Electrified by the verbal wit and visual craftsmanship of the great Howard Hawks, Only Angels Have Wings stars Jean Arthur as a traveling entertainer who meets a handsome yet aloof daredevil pilot, played by Cary Grant, staring down death while delivering airmail in treacherous mountain terrain.
This film is not currently playing on MUBI but 30 other great films are. See what's now showing
After Rio Bravo, my favorite Hawks. I was expecting a humorous and rousing melodrama and instead got a remarkably melancholy meditation on work, romances platonic and sexual, and death. Arthur and Grant still have their timing, but it's mostly gallows humor here. An unexpectedly resonant film.
I've watched this twice ovr the the course of 12 hours or so, my third and fourth revisitings of this very complex movie. The first of the two viewings was, in short, a disaster; much felt flat, Hawks' mastery of Hollywood conventions felt too much in the way.
Thankfully, the second viewing killed me. This is Hawks' film about Death, and the formal precision reflects that thematic. A great, demanding(for me) movie.
I know there are a lot of rave reviews about the perfection of this film, and it is visually magnificent in places, and dramatically taut just about everywhere. But I can't get along with the sexual politics. It's of it's time, I know, but I can't gloss over the whole 'shaking a crying woman by the shoulders because any display of emotion is mere feminine hysteria'. Unhealthy relationships romanticised.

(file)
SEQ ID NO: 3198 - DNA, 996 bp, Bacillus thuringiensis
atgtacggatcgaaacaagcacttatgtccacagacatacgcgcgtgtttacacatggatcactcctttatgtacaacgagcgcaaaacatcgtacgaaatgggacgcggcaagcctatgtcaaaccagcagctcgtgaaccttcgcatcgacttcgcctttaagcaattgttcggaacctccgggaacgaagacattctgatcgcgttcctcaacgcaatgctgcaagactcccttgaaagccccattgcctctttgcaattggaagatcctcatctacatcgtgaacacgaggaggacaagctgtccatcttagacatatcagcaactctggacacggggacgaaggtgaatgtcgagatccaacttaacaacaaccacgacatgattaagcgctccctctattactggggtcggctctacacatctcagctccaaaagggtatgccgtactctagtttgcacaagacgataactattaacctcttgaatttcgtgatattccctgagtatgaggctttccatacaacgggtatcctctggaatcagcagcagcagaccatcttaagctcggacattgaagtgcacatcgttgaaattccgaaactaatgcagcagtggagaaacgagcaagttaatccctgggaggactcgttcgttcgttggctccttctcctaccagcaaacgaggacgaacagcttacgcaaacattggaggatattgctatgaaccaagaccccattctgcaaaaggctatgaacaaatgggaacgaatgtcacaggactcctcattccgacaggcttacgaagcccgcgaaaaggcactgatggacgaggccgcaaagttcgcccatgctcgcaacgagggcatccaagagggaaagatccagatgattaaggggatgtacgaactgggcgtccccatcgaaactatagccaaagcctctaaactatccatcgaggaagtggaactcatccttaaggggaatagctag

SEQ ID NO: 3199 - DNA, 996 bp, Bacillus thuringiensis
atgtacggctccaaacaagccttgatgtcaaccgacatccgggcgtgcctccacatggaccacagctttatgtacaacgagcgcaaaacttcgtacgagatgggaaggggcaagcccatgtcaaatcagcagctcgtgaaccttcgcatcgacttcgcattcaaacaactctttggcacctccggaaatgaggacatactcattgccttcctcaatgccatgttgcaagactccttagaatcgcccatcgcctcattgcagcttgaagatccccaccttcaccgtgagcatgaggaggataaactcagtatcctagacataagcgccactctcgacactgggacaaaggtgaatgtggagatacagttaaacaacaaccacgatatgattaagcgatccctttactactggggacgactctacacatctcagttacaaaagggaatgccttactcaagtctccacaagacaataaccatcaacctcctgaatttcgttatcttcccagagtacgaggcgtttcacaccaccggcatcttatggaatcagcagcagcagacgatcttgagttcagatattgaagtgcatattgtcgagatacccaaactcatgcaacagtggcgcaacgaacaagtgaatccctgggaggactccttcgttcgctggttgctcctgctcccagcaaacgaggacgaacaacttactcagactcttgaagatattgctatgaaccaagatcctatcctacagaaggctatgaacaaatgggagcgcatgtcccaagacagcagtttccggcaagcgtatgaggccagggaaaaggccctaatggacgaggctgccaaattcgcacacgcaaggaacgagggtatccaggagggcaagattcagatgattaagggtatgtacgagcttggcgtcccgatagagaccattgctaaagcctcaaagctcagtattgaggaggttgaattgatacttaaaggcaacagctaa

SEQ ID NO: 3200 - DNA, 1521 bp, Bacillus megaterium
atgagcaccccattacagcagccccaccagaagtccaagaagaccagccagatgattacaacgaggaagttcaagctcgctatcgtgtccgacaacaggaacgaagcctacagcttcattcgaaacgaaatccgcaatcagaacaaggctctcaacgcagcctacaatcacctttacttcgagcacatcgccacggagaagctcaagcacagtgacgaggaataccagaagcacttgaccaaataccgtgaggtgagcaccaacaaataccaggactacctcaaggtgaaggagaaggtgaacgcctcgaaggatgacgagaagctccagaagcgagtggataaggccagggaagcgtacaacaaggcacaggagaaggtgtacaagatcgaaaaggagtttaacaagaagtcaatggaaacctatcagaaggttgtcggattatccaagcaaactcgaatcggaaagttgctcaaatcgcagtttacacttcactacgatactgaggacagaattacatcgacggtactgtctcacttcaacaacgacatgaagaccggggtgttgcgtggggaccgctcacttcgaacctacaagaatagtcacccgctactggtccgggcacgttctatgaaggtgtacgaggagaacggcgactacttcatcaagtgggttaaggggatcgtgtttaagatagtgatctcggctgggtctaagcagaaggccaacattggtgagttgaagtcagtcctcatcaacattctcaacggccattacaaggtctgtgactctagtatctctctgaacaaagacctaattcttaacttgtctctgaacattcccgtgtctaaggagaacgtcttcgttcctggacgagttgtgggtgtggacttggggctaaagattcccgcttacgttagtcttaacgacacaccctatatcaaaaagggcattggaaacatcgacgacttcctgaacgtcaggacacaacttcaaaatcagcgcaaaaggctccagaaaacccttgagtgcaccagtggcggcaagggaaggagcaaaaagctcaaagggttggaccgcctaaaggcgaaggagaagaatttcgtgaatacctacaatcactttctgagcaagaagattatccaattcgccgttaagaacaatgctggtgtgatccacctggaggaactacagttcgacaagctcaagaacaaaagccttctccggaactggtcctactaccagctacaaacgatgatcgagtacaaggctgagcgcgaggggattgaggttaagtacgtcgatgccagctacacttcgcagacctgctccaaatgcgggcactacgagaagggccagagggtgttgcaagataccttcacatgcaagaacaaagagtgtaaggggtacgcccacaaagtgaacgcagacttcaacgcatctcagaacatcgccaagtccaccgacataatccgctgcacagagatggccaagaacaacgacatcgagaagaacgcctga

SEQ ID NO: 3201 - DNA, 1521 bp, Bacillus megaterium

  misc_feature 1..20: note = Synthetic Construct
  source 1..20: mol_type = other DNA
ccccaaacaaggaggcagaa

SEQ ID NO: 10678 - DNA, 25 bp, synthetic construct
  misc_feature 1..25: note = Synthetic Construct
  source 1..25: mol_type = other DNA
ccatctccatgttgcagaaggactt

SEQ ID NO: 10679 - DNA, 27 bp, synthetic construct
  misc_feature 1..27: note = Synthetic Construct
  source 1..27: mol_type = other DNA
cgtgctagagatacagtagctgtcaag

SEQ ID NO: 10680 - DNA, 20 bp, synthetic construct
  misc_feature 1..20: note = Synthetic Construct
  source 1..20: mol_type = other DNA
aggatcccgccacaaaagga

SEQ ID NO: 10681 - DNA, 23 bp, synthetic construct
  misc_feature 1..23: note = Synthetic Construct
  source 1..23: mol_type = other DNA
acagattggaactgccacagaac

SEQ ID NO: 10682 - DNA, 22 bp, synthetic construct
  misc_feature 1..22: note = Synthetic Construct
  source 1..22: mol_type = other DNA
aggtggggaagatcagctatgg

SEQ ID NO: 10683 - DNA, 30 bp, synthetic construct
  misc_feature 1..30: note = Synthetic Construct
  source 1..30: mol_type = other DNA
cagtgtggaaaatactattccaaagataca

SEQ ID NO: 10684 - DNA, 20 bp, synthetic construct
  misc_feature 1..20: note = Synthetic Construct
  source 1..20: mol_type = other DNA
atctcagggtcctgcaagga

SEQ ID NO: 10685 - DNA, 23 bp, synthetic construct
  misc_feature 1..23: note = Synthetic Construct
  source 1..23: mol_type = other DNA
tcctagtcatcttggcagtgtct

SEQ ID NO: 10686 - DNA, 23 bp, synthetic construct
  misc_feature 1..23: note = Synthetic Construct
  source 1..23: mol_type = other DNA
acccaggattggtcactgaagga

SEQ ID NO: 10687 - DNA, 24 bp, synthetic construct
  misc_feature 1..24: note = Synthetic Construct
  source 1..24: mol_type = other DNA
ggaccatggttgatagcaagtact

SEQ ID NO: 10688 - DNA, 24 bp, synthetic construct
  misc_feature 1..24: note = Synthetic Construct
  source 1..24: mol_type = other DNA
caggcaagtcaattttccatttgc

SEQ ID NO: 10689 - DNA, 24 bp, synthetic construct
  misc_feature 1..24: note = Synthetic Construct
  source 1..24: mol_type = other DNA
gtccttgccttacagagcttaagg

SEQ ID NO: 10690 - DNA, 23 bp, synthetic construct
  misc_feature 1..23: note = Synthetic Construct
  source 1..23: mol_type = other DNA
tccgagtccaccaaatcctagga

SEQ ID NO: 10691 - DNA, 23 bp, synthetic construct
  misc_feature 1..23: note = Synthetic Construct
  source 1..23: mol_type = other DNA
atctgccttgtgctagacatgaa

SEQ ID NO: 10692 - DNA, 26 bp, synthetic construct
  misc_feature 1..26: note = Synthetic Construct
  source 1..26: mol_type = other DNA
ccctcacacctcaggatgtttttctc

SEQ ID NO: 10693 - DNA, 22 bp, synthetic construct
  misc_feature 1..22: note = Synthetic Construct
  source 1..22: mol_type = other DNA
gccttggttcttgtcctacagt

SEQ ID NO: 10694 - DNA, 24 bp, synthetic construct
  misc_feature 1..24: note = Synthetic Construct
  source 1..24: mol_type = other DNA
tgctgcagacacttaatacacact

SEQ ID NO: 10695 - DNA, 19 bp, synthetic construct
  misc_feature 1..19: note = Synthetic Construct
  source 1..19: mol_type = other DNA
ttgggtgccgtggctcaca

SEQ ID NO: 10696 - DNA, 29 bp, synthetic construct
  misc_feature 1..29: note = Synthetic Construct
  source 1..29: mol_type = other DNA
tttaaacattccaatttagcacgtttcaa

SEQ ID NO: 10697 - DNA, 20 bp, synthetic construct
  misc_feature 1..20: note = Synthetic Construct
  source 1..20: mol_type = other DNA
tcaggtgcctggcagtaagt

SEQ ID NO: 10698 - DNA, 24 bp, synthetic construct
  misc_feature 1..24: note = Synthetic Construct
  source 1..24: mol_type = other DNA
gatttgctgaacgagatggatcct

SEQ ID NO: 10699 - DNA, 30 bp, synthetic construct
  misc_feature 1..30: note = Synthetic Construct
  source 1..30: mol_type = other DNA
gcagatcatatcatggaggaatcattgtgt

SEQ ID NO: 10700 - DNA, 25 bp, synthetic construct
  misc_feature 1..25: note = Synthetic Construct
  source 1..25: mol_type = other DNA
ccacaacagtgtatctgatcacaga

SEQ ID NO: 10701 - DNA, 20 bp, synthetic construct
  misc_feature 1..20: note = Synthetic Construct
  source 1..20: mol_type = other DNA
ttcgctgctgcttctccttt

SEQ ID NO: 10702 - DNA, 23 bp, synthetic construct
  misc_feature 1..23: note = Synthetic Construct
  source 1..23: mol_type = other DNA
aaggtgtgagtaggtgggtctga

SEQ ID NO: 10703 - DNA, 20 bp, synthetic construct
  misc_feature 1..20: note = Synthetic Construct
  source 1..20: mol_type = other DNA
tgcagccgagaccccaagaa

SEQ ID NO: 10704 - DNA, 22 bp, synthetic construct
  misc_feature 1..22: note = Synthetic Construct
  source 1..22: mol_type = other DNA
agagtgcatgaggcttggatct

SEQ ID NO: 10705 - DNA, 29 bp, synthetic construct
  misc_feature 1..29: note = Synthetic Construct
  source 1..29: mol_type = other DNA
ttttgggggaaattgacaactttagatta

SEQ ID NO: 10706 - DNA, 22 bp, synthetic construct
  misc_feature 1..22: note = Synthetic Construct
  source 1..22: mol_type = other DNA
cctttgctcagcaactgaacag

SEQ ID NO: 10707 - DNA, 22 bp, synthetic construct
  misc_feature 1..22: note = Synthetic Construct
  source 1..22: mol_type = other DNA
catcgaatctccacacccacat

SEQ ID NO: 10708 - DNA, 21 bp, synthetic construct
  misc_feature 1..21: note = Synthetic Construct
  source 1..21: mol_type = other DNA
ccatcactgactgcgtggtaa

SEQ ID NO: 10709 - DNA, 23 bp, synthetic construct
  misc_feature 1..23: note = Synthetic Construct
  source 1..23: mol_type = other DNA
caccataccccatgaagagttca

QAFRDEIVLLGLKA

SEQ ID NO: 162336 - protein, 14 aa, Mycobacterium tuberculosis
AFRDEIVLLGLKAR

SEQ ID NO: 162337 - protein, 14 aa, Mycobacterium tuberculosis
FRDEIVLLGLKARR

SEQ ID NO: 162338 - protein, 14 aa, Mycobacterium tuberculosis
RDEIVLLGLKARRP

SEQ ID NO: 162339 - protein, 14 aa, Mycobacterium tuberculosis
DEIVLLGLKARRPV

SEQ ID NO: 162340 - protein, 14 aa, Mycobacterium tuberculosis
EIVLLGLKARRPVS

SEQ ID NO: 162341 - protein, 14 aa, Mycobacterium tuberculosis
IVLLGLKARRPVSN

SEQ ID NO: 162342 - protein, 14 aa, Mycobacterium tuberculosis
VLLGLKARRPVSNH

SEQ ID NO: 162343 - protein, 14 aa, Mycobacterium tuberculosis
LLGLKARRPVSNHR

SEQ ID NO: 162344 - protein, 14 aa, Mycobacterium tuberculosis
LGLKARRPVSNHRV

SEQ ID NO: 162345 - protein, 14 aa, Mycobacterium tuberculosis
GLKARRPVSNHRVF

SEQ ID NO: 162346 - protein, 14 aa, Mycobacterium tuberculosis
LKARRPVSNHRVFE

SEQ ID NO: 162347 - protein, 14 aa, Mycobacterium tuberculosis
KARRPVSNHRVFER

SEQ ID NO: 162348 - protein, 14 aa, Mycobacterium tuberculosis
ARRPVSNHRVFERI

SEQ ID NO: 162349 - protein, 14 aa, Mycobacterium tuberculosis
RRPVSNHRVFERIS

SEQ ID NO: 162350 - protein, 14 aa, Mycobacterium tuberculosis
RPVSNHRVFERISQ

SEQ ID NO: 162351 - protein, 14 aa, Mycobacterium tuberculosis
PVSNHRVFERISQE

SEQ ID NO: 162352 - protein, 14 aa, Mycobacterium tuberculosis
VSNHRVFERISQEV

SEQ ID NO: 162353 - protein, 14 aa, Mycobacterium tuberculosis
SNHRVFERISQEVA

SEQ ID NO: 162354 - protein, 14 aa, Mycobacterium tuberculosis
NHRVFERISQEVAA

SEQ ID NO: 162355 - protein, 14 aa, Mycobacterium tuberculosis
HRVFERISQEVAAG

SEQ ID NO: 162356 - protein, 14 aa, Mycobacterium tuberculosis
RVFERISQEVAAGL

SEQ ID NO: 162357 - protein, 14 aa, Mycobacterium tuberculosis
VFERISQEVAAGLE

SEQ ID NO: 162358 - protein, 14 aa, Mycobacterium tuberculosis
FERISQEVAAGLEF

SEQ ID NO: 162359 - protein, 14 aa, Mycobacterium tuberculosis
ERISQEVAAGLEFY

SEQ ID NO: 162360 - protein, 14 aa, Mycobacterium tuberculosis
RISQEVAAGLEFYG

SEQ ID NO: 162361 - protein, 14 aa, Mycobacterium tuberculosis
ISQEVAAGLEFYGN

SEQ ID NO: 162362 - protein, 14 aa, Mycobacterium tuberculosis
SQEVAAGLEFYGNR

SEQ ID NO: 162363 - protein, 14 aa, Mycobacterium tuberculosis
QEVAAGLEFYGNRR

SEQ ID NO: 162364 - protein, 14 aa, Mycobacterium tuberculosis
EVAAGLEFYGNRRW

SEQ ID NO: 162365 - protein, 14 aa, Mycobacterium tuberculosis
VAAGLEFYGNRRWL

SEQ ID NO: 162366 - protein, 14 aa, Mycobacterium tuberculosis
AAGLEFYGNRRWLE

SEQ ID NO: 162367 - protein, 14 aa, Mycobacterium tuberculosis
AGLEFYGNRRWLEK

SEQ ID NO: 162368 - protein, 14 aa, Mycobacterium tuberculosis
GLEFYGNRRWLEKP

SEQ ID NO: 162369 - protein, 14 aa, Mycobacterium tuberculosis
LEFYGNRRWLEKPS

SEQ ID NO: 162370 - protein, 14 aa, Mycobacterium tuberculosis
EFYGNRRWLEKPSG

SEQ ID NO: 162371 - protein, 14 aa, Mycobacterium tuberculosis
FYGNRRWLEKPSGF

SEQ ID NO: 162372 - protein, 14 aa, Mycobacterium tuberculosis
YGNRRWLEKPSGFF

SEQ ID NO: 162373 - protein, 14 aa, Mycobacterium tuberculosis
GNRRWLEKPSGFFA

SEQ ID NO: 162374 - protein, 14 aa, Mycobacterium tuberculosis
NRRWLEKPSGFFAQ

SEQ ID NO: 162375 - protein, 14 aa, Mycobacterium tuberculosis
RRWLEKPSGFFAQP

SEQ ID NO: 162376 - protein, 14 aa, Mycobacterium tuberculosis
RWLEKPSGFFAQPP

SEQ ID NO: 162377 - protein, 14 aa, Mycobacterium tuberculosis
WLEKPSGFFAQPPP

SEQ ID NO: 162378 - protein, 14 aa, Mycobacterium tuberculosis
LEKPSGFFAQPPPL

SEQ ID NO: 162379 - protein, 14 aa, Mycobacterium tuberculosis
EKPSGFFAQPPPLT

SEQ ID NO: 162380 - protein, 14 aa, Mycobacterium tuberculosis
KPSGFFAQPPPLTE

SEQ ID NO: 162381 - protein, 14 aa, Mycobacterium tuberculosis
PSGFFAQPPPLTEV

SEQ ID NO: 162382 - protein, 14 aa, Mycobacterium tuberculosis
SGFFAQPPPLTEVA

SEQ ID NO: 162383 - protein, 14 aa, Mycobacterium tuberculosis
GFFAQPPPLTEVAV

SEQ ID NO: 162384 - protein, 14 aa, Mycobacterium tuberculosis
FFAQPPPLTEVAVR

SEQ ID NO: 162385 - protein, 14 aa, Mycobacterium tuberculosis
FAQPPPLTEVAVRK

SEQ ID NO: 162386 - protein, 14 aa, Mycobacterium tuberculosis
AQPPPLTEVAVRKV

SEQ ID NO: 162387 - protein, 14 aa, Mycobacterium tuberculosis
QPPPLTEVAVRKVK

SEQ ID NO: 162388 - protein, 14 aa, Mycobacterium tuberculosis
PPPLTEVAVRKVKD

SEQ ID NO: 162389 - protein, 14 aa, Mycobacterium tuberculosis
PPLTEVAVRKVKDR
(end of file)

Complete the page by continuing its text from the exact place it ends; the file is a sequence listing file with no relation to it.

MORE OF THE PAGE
Straight from the off Hawks creates a totally believable universe that's sustained throughout the movie. It might have all been shot in a Californian studio - for all I know - but the lush black and white photography creates a landscape / environment that's superbly realised and gorgeous to look at. So many beautiful moments in this film. And so many plot expectations overturned.
A multi-layered, genre-blending film. From its action and romance to the psychology of its characters and questions of family, friendship and loyalty - this is a film that flirts with so many things it's almost puzzling the whole thing works at all. An essential Hawks masterpiece.